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Date posted: 24 June 2014
Researchers from James Cook University (JCU) in north Queensland are hoping a study will give authorities new data on how Alcohol management plans (AMPs) affect injury rates in Aboriginal and Torres Strait Islander communities.
The Queensland Government is reviewing the 19 plans that are in place across the state, including Palm Island in the north and Cherbourg in the south.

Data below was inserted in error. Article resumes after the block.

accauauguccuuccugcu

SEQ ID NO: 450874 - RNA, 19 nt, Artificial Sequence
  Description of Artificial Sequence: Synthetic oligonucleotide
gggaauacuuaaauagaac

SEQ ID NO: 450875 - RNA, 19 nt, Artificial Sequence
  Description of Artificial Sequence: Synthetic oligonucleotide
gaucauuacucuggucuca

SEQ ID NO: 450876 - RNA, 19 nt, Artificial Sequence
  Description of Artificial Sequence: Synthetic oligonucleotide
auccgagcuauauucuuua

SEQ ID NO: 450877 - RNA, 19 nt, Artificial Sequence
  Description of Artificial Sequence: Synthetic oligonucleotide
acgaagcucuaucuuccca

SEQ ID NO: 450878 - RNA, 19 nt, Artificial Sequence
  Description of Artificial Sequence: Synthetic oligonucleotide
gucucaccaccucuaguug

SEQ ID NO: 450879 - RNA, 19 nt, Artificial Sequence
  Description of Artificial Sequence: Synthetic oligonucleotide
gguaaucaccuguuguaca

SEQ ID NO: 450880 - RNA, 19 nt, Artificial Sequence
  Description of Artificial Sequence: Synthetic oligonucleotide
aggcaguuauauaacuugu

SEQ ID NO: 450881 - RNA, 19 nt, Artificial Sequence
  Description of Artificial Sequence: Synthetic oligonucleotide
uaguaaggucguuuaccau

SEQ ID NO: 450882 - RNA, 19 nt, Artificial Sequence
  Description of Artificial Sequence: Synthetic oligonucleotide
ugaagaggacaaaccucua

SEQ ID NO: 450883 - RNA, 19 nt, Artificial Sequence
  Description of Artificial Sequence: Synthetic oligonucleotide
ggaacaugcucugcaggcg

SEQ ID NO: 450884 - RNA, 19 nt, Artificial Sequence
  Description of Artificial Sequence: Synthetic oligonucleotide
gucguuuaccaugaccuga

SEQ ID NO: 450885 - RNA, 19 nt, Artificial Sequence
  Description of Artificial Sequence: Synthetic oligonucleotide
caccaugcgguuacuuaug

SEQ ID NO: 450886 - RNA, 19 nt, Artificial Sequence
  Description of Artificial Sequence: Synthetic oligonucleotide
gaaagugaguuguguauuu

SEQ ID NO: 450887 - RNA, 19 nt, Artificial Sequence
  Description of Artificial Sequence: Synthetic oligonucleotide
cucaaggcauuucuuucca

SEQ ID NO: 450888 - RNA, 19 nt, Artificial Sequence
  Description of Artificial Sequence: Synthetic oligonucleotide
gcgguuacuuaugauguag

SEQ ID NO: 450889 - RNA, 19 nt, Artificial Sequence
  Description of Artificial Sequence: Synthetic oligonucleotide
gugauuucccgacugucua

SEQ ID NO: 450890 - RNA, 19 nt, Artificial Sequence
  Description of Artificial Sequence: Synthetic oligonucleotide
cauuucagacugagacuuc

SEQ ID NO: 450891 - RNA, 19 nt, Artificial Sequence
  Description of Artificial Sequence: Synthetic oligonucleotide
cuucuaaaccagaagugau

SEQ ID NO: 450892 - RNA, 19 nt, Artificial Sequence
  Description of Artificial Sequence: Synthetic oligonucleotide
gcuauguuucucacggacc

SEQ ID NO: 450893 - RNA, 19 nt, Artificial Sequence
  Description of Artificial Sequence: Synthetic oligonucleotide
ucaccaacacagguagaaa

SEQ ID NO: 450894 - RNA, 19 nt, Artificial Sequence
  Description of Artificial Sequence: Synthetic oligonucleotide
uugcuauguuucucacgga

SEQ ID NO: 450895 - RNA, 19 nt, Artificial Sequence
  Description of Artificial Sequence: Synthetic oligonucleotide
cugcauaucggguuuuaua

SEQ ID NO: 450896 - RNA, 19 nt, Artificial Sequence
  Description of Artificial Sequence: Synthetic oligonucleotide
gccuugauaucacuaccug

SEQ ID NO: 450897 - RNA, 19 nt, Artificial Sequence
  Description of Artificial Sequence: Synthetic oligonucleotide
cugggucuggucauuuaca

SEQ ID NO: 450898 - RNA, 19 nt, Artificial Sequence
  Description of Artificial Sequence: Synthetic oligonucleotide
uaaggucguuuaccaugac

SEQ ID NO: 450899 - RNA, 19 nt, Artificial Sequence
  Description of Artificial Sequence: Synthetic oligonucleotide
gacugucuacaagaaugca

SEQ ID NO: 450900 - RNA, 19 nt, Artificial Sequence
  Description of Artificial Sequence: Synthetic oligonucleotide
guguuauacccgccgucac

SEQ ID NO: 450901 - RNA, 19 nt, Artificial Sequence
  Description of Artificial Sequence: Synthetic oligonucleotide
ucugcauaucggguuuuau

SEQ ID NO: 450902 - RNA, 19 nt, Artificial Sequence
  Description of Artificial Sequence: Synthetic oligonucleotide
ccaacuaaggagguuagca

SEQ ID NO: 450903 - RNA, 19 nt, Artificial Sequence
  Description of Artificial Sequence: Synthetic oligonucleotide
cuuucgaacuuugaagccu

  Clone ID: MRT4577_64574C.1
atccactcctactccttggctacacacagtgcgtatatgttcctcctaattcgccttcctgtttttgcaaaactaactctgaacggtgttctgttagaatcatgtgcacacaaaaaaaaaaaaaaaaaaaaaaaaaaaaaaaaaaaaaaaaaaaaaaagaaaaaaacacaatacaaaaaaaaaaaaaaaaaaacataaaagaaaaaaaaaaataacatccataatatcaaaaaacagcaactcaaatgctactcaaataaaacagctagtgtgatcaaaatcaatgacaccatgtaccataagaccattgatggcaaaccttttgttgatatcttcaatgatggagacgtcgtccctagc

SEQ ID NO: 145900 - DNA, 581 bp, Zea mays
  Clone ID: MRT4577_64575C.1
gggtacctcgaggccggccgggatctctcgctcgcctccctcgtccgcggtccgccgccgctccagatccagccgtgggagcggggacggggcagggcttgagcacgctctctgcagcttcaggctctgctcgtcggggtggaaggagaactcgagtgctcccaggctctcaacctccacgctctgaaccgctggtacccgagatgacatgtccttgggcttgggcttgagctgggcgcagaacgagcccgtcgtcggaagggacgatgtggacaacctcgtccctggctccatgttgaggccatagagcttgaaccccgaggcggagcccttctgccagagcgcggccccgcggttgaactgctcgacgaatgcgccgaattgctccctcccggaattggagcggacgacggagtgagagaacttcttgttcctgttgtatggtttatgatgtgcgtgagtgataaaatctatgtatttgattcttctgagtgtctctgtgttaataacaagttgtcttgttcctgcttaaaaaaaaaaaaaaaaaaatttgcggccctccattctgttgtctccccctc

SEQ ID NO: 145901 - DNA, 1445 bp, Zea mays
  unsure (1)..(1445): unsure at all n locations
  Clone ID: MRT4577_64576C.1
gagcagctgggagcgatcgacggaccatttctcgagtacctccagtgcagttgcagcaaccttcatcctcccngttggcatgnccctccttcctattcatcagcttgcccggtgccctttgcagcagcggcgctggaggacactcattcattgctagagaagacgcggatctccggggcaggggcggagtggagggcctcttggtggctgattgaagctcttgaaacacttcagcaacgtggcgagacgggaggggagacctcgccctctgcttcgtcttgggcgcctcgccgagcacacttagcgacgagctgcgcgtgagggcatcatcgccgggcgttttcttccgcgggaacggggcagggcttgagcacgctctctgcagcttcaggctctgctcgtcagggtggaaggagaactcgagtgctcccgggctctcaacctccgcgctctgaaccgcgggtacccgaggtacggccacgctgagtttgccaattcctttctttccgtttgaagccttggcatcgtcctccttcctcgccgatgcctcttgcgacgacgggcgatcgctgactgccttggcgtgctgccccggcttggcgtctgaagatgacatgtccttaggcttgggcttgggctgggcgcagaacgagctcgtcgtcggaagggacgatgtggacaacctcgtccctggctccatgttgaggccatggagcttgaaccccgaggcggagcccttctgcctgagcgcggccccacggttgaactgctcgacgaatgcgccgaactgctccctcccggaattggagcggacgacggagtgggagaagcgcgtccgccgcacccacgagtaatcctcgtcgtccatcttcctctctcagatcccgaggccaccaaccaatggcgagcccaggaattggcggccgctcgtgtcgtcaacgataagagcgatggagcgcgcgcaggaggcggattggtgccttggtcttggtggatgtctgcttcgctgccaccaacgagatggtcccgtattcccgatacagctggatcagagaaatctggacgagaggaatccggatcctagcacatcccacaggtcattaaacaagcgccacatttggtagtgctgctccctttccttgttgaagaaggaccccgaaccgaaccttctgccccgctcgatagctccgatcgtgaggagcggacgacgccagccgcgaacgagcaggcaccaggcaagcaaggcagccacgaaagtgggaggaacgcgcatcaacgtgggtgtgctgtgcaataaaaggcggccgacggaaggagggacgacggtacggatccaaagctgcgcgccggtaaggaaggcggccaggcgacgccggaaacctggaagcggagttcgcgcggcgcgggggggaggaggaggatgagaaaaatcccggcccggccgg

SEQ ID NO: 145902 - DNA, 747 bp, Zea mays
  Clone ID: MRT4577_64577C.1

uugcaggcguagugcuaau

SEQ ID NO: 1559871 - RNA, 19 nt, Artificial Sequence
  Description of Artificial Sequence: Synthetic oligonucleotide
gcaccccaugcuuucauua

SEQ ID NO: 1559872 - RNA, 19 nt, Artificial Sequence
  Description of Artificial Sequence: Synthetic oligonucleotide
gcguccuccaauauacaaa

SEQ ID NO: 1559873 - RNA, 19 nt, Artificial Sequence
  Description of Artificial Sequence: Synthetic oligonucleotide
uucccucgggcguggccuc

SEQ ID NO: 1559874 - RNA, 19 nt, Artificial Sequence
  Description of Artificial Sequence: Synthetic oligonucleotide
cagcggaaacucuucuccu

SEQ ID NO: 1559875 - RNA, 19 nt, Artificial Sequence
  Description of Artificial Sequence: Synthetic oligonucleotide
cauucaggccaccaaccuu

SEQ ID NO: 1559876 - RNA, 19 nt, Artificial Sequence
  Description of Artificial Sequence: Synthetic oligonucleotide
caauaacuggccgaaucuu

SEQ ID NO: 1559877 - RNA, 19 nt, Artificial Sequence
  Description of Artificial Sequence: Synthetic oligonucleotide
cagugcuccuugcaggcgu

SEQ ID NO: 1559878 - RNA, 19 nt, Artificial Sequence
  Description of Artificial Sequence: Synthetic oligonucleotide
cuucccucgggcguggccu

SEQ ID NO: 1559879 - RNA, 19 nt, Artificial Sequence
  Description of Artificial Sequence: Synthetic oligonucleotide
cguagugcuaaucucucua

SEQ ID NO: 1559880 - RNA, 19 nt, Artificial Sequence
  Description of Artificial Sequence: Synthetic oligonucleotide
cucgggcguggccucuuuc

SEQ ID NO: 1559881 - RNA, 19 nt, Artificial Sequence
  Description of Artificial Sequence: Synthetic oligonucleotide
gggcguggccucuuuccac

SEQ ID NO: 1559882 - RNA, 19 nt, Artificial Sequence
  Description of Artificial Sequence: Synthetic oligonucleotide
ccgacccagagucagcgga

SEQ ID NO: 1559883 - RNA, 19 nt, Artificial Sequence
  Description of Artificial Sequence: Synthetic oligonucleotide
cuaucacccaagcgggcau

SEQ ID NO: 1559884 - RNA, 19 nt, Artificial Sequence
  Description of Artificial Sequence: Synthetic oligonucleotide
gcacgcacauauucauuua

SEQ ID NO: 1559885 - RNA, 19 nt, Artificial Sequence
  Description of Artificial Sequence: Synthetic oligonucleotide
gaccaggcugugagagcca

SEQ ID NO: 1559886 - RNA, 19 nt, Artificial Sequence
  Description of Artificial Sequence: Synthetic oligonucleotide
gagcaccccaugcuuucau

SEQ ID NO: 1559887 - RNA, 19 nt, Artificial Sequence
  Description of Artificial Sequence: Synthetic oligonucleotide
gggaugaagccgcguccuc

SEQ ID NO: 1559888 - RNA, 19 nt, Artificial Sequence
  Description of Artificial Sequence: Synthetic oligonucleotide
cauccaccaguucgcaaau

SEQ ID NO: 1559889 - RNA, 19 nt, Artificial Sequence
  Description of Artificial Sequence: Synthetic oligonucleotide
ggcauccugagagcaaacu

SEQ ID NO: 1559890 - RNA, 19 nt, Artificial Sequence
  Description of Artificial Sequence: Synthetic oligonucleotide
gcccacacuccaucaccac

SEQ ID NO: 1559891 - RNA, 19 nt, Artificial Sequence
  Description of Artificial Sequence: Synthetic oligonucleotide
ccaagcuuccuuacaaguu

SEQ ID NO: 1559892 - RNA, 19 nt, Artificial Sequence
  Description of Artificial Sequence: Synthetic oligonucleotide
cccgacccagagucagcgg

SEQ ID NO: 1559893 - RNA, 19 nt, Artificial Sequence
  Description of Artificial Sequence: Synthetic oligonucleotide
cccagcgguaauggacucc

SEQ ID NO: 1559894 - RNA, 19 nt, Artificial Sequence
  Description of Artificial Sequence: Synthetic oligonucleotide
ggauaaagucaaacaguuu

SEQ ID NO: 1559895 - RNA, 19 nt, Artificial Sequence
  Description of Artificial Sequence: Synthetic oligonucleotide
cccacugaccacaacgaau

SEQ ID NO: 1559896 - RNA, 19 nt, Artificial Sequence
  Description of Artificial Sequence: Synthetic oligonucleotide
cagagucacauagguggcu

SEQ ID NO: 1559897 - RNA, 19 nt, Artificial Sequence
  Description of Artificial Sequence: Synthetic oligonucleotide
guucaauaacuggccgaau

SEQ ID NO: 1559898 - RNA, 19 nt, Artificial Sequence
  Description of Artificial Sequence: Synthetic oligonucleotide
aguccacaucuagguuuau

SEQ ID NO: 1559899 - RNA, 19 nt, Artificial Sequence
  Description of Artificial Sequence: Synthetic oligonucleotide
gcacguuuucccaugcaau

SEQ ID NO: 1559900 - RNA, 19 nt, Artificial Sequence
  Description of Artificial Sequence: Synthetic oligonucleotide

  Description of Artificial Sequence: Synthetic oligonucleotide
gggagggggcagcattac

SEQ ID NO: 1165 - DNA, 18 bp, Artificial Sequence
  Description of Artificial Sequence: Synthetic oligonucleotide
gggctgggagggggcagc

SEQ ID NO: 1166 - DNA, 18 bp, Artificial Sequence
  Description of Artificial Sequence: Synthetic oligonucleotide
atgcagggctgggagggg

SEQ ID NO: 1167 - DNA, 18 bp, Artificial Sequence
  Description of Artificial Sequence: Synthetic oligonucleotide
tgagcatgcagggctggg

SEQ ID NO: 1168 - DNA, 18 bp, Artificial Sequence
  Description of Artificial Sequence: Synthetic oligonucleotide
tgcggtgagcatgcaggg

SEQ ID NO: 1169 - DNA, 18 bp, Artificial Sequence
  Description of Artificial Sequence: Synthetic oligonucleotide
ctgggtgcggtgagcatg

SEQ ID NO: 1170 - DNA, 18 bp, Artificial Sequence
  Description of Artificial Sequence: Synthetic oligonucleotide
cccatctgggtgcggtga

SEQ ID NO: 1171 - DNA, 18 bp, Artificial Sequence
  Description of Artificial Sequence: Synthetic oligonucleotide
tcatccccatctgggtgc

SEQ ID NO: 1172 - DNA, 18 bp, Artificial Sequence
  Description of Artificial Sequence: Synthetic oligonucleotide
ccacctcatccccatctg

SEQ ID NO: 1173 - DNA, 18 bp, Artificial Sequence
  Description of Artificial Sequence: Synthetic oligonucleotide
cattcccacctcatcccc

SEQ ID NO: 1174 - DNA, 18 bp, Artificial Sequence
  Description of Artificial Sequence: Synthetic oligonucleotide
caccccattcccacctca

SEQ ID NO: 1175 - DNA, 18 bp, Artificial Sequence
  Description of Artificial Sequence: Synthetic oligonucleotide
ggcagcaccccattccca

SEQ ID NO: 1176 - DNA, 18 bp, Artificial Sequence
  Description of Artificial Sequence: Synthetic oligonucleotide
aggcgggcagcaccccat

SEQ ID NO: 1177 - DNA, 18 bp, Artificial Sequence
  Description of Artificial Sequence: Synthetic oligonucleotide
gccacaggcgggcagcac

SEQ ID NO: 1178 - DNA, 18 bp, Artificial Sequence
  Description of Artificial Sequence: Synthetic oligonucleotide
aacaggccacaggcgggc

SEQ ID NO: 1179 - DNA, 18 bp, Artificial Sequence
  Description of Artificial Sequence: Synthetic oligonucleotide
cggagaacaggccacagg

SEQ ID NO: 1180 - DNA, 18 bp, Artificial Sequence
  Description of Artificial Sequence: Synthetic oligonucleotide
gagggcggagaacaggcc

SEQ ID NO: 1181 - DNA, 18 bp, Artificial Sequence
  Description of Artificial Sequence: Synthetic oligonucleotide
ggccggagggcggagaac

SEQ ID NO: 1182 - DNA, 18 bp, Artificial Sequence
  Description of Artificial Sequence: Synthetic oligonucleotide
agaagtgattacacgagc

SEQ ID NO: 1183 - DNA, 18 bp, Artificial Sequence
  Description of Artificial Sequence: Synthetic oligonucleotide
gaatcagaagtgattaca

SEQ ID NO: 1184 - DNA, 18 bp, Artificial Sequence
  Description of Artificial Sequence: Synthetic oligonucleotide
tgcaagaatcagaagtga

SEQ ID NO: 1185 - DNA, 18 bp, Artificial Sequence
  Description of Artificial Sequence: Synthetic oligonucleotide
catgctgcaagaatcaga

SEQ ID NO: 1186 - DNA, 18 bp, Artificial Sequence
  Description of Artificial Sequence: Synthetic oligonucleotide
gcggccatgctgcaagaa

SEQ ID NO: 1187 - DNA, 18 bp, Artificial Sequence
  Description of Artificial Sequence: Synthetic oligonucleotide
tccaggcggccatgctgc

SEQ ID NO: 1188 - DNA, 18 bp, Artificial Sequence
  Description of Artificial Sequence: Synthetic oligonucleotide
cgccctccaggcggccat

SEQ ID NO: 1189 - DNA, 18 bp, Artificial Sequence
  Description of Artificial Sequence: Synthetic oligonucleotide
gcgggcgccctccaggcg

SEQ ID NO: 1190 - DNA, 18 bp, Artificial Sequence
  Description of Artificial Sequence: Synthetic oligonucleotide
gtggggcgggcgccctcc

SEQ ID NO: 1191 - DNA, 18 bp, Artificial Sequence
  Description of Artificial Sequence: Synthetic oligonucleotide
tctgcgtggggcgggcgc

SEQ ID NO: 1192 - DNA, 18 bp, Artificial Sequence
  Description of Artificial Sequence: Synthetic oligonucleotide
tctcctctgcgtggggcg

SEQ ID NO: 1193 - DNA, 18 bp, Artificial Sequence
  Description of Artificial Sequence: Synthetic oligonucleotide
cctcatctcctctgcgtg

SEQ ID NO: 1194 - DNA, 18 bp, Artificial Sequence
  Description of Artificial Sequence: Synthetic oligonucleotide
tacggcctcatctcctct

JCU Researcher, Dr Caryn West, says the study will also look at the long-term effects of alcohol-related injuries on the families and the community. 'It shifts the focus from problem-based solution to a strength-based solution, so it recognises people have strengths and not just deficits and it doesn't ignore the problem but how people cope with the problems they have and that's an important key thing,' she said.
Dr West says there is little data on the impact AMPs are having on Indigenous people. 'We don't definitely [know] what those effects are and how they can impact on policy,' she said.
Source: Australian Broadcasting Corporation